Ils éclosent à l’aube. Je les refoule
A l’abri de ma paupière, essaim labile
Une forme presque aussitôt disparaît
Parmi d’autres noires et rayées
Dans un puits au pied d’un immeuble
Une jette par la fenêtre un seau
Et des larmes roulent sur la chaussée
Une est penchée gravement vers la voix
Inaudible d’un gramophone à manivelle
Une autre relève un voile de cheveux
Et façonne comme un nid sur sa nuque
Avant d’entamer le rituel du jour
Déesse de la vie, vestale bien-aimée!
Sous les flèches du soleil je la
Fixe, la cloue au centre de ma soif
Emigrée d’une histoire sans paroles
Elle va peut-être ouvrir enfin la bouche
Me conter son voyage à vingt mille lieues
Sous ma mémoire, au pire
Me donner rendez-vous à un prochain épisode
Elle secoue la tête. Il y a dans la mienne
Trop de nuages, de neige, d’ornières, de vent
Translations of this Poem
Translator: Marilyn Hacker
They hatch at dawn. I push them back
Into my eyelid’s shelter, mutable swarm
One shape almost instantly disappears
Among others, black ones and striped ones,
In a well near a building’s foundation
One empties a bucket out the window
And tears roll out onto the road
One is gravely bent toward the inaudible
Voice of a hand-cranked phonograph
Another lifts her veil of hair
And twists it in a bird’s nest at her nape
Before beginning the day’s ritual
Goddess of life, beloved vestal!
Beneath the arrows of the sun, I
Fix her, nail her to the center of my thirst
Emigrant of a wordless history
Who will, perhaps, open her mouth at last
To tell me of her voyage, twenty thousand leagues
Under my memory; at least
Make an appointment for the next installment
She shakes her head. There are, in mine,
Too many clouds, snowbanks, routines, winds
About this poem
Two poets from France and one from America read at the Scottish Poetry Library’s Edinburgh International Festival event on 14 August 2001.
Claire Malroux was born in Albi, and now divides her time between Paris and Cabourg. Her most recent collection is Suspens (Paris, 2001), from which she read several poems at the Scottish Poetry Library event, ‘How to translate a poem’, held at the Edinburgh International Book Festival. It was fascinating to hear how different these were from the earliest work in Edge, her selected poems in a bilingual edition, translated by Marilyn Hacker. The process of being a translator herself – notably of Emily Dickinson, Derek Walcott and Douglas Dunn – has definitely influenced not only the style but also the choice of material of her poems. We heard excerpts from her long, autobiographical poem Soleil de Jadis (1998), in the translations by Marilyn Hacker, at the Library reading. Her translator has emphasised how innovative this lyric narrative is in contemporary French poetry; a poem primarily about memory, but with the backbone of the terrible events of 1936-45: ‘the story of a child’s plunge, half-willing and half-resisting, into the abyss of history’.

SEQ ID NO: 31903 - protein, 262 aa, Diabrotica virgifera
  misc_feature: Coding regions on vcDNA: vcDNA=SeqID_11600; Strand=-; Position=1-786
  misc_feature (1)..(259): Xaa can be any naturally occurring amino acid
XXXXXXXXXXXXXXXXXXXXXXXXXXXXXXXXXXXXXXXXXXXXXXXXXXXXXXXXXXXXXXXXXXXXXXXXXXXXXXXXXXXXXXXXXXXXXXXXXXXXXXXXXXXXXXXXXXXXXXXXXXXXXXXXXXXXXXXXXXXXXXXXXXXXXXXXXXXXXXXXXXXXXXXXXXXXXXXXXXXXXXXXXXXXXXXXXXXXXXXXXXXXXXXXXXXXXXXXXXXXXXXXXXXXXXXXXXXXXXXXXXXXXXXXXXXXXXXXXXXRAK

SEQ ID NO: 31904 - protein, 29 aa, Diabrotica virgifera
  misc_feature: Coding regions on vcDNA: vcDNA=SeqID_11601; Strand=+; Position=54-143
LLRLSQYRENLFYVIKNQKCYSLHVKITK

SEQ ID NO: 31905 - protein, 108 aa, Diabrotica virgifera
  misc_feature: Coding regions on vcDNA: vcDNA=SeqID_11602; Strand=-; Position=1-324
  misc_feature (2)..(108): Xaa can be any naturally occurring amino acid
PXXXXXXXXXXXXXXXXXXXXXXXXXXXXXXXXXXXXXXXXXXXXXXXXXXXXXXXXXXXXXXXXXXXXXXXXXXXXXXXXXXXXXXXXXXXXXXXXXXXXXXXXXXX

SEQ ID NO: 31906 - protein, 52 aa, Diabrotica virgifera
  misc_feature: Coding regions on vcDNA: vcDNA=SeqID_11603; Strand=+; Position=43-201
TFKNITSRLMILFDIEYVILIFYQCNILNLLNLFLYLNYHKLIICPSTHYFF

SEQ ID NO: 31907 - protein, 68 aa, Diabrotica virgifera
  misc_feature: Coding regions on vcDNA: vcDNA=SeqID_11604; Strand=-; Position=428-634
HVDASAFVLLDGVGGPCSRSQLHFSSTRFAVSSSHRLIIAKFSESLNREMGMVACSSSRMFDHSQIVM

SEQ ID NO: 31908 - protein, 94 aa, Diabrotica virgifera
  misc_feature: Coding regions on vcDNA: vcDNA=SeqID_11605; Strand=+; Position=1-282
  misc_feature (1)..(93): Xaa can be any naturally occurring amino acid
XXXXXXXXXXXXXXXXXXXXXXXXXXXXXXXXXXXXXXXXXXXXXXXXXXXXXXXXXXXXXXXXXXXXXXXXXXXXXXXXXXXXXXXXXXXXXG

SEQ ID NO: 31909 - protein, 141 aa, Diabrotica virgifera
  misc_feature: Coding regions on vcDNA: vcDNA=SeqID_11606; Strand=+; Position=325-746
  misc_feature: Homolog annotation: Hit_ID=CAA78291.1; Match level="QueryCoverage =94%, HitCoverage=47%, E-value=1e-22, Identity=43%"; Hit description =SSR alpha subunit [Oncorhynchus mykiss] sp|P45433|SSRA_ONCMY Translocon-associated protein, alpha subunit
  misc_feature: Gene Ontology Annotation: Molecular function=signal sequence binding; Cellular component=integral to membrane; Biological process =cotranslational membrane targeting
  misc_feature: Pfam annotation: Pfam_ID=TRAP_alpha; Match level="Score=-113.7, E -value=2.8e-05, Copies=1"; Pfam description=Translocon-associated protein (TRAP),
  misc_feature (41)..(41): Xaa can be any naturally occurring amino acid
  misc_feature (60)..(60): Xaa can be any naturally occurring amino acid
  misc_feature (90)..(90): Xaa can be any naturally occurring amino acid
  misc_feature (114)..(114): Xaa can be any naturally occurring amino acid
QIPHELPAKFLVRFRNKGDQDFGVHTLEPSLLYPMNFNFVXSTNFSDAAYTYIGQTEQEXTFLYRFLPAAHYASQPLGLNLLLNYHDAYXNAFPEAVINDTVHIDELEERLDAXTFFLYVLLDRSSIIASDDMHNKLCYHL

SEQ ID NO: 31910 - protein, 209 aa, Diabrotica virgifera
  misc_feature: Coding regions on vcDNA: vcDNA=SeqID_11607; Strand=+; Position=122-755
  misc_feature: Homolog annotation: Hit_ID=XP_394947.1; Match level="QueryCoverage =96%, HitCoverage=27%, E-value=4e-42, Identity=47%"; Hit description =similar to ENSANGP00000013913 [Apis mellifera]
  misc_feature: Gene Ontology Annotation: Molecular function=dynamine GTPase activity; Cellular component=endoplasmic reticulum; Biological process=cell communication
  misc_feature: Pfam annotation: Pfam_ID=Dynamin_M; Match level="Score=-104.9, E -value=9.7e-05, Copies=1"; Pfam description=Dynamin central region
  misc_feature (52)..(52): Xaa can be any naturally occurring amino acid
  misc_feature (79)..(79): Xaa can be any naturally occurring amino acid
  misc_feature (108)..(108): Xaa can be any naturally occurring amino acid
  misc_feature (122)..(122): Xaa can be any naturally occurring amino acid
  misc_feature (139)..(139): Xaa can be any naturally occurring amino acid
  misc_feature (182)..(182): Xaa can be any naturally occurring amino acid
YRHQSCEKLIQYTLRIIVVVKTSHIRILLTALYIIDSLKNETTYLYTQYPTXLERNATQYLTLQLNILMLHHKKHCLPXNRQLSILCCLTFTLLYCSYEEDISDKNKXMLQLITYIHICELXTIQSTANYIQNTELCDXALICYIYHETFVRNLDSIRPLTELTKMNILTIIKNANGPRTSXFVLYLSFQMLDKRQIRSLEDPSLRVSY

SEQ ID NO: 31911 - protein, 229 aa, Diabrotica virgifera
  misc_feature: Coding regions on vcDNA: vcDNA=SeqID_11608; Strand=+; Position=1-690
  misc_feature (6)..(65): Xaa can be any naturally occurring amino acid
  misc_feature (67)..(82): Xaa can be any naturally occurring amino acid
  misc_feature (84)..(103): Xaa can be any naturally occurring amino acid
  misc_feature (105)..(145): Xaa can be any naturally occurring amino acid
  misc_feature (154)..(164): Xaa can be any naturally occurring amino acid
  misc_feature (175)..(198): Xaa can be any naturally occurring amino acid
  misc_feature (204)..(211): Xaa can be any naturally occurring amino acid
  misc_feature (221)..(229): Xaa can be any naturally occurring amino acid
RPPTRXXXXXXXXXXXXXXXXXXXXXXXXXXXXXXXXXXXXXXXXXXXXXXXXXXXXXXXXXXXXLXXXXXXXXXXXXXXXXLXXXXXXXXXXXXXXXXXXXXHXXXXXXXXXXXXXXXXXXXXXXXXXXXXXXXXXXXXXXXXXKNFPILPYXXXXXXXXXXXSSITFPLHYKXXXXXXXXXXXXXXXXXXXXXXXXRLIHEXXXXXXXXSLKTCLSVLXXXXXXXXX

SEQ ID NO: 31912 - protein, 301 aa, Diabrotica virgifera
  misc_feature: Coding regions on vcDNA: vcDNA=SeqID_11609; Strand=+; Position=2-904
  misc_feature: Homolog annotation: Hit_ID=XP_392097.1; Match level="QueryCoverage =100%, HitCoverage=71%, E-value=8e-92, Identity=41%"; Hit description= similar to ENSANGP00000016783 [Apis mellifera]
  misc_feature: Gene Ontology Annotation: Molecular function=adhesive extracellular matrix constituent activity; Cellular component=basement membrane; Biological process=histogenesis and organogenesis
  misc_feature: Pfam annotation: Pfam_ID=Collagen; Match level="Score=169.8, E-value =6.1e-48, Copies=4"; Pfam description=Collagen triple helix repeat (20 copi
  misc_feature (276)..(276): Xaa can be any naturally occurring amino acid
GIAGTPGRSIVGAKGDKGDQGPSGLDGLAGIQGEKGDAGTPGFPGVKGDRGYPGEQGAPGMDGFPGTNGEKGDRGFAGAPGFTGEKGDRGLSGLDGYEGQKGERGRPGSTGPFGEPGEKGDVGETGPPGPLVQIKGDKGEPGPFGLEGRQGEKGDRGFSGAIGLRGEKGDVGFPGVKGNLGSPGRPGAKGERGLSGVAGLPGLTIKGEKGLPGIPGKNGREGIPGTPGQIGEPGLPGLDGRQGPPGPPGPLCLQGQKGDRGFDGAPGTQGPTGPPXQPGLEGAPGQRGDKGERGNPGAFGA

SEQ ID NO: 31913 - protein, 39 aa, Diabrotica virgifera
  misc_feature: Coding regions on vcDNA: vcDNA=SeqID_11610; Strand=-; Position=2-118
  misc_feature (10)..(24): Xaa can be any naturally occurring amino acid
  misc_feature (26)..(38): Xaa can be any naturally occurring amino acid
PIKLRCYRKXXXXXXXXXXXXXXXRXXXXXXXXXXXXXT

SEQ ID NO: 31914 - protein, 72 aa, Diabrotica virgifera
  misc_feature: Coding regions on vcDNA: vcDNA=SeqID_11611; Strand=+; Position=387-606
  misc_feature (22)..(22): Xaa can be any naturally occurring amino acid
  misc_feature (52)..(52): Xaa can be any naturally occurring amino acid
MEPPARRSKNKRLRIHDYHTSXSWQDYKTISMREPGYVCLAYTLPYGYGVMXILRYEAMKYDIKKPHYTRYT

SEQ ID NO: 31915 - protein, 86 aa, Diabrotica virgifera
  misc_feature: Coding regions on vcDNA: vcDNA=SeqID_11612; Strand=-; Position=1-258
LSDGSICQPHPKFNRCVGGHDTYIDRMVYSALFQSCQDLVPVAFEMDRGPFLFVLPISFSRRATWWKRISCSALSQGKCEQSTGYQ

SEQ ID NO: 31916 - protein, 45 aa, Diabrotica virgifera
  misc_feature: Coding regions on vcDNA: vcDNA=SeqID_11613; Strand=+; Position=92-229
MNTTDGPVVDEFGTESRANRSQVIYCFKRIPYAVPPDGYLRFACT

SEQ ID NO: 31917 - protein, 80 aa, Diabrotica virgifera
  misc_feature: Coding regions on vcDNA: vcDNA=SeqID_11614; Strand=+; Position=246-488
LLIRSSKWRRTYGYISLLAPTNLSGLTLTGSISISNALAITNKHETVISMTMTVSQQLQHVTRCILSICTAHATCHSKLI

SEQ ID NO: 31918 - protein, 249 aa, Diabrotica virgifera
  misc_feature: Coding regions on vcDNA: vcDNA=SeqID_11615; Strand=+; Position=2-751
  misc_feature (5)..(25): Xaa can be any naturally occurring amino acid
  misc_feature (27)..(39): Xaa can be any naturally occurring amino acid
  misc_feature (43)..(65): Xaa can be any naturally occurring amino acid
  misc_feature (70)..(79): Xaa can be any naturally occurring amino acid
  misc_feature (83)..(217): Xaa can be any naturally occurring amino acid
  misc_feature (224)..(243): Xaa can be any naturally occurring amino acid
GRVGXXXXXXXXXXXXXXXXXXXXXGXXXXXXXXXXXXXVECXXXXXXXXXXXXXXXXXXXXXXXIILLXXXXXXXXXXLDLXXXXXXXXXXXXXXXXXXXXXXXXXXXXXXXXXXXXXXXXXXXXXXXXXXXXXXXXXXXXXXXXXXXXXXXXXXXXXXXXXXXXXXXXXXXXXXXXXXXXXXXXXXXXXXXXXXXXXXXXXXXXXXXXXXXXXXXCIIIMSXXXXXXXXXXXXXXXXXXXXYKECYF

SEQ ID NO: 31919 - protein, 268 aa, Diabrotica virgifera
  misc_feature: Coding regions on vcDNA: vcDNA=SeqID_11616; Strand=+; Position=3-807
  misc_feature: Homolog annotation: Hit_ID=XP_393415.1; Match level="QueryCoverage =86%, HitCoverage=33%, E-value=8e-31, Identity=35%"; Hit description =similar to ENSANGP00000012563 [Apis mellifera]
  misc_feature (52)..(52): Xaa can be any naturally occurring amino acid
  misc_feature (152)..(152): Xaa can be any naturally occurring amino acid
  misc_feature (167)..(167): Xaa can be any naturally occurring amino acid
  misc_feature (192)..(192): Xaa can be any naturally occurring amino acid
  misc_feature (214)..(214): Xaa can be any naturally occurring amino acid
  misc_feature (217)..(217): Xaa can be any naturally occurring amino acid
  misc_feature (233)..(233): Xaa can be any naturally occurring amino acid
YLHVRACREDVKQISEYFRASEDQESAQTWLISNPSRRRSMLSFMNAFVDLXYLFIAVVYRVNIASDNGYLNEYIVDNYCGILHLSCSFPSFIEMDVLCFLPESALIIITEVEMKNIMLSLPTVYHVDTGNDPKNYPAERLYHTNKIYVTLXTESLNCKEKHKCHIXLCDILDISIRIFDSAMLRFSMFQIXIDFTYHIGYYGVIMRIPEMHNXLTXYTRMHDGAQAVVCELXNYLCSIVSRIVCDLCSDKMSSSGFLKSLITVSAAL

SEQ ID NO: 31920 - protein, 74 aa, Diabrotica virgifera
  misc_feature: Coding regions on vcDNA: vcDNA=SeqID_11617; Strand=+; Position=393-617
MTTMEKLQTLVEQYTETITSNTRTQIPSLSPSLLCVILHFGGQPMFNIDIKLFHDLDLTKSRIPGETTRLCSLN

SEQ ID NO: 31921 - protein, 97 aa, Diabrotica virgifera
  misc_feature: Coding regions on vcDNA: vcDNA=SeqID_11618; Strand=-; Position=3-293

Just as Claire Malroux is immersed in Anglophone poetry and prose – her current project is translating Wallace Steven’s Ideas of Order – so Marilyn Hacker is becoming more and more at home in France. She read from her new collection, Squares and Courtyards, with its vivid evocation of lives and locations in Paris and New York, of resilience and endurance despite the toll of illness and of history.
Jérôme Game, currently completeing a PhD at Cambridge University, read from published and unpublished work; the occasional English phrase floated into his spare French, marked by spaces and pauses. He is also a translator, his Dix Poètes de langue anglaise: une anthologie pour aujourd’hui appearing in 2001.
The excellent reading took place on an unusually sunlit afternoon, with music from the cellist Su-a Lee and violinist Lise Aferiat.